On multiple choice questions, students readily guess, especially if there's time pressure or competition involved and they're trying to get their answer in quickly. Even if it's something they know how to do, they often won't take the time to execute the process and get it right, as the allure of a quicker answer or beating their friend is worth more to them. As such, the platform isn't accurately measuring skill because the students aren't answering the questions with fidelity. Furthermore, in any sort of independent practice, there's no telling whether the student is using a tool to help them. Many of my students score far higher on their arithmetic skills than they should because, when they're working on their practice problems for homework, they're using a calculator. The ed tech platform then tells me that they're both accurate and fluent, able to compute on the fly, when it's really telling me that the calculator can get math problems correct, and quickly!

        I say all of this not to say that ed tech is garbage. In fact, many of the problems that I brought up have analog counterparts (turning in homework done by an older sibling is not unique to computers, for example). My problem is that the analog methods didn't give us as much data to work with, so there wasn't time lost to crunching the numbers we didn't have. But now that data is king, more data is always seen as better, and more data demands more time for analysis and more outcomes based on that data. What's lost here is that, if much of the data is junk in the first place, it not only doesn't do us any good, but it actually harms us by making us focus on, chase, and dissect red herrings.

        Years ago I was called on the carpet by an administrator because a large number of my students had gone down on one of the standardized benchmark tests we used throughout the year. Their conclusion was that I was not doing my job well and that I needed to better teach my students. In response, I took the benchmark data for my students and plotted it several cycles back, so that the last five benchmark scores were visible instead of just the two that they had examined. What that showed was that the data was highly variable, going up and down repeatedly, across all students. This showed that the test was unreliable; the retests produced highly volatile data. The shared dip in scores they found was coincidental; in any sufficiently noisy data set you'll be able to find some patterns.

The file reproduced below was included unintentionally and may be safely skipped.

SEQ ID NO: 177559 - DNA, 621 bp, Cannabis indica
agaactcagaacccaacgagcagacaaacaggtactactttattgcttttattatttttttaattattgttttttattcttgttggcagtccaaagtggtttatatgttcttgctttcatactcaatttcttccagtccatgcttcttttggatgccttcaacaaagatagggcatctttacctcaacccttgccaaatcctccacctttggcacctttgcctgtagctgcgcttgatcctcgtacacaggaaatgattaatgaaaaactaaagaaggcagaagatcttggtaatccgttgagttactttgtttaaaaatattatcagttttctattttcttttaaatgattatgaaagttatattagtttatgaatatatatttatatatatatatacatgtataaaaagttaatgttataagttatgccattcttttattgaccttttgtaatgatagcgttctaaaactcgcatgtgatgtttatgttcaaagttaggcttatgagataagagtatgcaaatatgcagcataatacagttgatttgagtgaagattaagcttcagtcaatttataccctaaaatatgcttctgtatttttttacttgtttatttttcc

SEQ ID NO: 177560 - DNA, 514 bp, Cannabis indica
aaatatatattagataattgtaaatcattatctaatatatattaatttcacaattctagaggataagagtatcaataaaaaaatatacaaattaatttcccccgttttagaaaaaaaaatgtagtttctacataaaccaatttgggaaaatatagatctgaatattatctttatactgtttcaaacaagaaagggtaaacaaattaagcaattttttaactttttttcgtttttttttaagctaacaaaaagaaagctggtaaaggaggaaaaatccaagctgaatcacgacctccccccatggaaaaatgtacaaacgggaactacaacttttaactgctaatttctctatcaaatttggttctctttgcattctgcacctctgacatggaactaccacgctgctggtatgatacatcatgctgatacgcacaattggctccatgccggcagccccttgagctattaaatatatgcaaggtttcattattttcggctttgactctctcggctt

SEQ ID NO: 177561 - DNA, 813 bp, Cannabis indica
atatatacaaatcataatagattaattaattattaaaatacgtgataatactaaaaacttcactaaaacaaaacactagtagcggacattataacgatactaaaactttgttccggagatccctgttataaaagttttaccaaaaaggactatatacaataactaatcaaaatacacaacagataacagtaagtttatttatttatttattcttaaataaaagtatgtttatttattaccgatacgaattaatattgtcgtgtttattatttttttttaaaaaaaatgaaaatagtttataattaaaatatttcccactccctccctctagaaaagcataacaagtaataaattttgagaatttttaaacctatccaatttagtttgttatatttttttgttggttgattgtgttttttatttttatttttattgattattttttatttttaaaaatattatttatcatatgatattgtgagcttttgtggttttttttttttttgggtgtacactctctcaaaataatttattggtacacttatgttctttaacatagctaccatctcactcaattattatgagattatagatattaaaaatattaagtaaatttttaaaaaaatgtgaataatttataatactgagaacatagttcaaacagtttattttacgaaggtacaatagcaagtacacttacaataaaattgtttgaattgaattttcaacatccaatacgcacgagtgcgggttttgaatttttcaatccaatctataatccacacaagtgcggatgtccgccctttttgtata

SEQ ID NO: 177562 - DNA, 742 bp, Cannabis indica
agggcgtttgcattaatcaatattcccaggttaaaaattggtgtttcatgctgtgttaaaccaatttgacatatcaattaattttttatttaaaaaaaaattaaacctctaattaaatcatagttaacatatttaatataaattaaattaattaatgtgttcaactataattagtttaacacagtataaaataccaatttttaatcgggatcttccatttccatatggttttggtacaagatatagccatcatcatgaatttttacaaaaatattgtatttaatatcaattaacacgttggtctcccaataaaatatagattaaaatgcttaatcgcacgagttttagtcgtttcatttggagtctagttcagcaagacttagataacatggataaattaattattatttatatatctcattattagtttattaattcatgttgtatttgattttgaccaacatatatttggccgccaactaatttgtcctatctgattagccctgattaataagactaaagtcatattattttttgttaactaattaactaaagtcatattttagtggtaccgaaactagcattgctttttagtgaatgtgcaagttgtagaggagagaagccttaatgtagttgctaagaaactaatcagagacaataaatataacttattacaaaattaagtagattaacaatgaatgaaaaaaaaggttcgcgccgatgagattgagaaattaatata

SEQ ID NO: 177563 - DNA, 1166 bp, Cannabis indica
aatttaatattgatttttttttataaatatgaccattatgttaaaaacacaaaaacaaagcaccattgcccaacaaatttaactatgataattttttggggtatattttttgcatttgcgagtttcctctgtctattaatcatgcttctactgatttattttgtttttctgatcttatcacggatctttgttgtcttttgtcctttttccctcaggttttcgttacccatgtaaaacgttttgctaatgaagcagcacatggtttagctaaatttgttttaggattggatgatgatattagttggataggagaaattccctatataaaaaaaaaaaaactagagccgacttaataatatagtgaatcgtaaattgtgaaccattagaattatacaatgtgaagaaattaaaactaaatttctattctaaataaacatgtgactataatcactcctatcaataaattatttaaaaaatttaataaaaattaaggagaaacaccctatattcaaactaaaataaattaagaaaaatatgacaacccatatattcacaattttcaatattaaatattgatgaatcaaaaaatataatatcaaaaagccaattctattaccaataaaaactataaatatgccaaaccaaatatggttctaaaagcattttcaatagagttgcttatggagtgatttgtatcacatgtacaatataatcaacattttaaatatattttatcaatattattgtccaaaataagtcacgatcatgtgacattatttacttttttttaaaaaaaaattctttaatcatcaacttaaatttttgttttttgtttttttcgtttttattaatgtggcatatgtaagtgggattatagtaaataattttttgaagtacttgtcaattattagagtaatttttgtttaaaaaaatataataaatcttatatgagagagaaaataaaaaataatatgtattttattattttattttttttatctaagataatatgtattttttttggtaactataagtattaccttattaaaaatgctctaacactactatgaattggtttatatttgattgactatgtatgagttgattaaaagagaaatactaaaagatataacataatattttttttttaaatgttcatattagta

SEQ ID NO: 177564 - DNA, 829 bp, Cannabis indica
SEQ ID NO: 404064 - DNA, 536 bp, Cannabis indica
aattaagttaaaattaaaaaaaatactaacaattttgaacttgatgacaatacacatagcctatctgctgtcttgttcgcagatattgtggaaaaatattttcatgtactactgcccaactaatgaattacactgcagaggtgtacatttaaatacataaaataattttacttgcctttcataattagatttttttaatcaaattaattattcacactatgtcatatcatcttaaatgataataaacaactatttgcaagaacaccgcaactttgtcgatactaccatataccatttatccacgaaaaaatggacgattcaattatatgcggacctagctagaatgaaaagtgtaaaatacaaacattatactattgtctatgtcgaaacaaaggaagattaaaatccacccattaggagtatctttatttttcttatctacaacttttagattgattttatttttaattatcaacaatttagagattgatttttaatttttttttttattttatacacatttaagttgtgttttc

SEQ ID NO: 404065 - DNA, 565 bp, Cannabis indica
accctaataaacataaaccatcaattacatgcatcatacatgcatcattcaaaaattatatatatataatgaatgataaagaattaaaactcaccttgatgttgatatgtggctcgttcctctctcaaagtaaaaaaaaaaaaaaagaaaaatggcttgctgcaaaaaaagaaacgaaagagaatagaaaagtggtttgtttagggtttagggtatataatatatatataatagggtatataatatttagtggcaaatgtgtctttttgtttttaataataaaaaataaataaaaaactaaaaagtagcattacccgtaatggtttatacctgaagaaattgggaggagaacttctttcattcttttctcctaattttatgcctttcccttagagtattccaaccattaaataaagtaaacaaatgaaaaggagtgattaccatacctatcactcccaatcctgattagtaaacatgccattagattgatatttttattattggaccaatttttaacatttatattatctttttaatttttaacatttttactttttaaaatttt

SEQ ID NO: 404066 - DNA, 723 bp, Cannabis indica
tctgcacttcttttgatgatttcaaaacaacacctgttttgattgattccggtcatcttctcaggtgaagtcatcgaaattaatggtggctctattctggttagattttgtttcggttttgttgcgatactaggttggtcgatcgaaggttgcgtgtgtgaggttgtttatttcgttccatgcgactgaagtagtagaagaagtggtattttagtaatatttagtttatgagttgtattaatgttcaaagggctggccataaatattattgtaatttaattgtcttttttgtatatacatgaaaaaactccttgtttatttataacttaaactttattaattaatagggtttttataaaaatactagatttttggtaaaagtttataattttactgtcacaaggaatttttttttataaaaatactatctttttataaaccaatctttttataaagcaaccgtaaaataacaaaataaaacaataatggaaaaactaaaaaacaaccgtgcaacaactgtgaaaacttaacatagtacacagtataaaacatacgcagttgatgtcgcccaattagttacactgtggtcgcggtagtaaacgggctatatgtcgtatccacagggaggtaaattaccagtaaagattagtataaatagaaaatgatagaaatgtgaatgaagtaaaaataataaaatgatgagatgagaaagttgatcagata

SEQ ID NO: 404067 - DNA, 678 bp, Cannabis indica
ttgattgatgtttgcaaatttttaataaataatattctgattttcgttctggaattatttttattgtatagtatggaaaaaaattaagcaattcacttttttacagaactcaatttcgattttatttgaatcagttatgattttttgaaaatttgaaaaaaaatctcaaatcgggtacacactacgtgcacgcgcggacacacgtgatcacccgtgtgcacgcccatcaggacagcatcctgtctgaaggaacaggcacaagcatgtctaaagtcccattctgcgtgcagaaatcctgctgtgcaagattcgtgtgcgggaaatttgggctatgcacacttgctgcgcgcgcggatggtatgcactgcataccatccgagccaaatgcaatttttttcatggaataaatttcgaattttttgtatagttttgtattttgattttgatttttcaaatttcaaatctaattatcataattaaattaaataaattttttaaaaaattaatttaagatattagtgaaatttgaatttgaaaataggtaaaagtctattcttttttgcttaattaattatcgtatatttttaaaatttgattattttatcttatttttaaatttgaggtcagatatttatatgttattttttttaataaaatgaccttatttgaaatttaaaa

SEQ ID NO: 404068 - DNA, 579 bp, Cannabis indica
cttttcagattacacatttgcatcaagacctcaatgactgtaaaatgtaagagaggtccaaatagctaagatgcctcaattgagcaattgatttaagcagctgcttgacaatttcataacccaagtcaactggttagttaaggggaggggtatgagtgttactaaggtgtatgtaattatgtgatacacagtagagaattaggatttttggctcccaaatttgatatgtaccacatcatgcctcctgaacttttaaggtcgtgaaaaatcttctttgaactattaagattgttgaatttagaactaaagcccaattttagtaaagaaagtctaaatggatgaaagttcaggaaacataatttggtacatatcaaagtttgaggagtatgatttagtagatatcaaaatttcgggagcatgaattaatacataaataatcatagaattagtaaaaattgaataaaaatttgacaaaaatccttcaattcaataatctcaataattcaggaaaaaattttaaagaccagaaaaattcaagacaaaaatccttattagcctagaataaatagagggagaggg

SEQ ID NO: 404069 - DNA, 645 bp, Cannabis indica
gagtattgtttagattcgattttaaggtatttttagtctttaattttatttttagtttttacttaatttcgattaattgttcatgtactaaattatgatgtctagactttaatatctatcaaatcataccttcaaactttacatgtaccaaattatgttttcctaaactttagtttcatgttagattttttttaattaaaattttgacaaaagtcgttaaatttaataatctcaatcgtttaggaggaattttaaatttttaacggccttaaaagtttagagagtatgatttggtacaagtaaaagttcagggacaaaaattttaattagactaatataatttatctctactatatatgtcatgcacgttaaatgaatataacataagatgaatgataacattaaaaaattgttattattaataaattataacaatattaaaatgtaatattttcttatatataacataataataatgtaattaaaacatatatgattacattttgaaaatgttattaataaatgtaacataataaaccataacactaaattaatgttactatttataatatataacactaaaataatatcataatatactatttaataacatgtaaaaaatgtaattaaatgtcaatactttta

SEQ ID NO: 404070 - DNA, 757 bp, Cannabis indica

I showed this to the administrator who criticized me in an attempt to help her understand that the scores didn't even accurately reflect student ability, much less the efficacy of my teaching methods, but I wasn't heard. She didn't rescind her analysis nor her criticism of my teaching practice, and the school continued paying money to use the benchmark. It continued being a cornerstone of their data analysis. My students took the test two more times that year. I added their scores to my plot. It was as noisy as ever.

        The saddest part of this story is that it's not unique. An ex-teacher I know is fond of telling a story about an administrator who talked about the 52nd percentile being above average.1 When the teacher explained that average was actually a range which 52 is solidly in the middle of, the administrator wouldn't hear it and stuck to his understanding that the 50th percentile (and ONLY the 50th percentile) meant average. Despite this person being the administrator in charge of data analysis for the school, he had a completely fundamental misunderstanding of what he was looking at and wouldn't trust the honest voice of someone who is, allegedly, working toward the same goal as him: educating our kids.

        This is the disheartening reality in which I and pretty much every other American teacher lives. Education in America is at a place where every major stakeholder puts more stock in numbers than in the people teaching our kids. Educational leadership regularly trusts profit-seeking companies selling them weak instructional supports over the professional expertise and advocacy of their own teachers.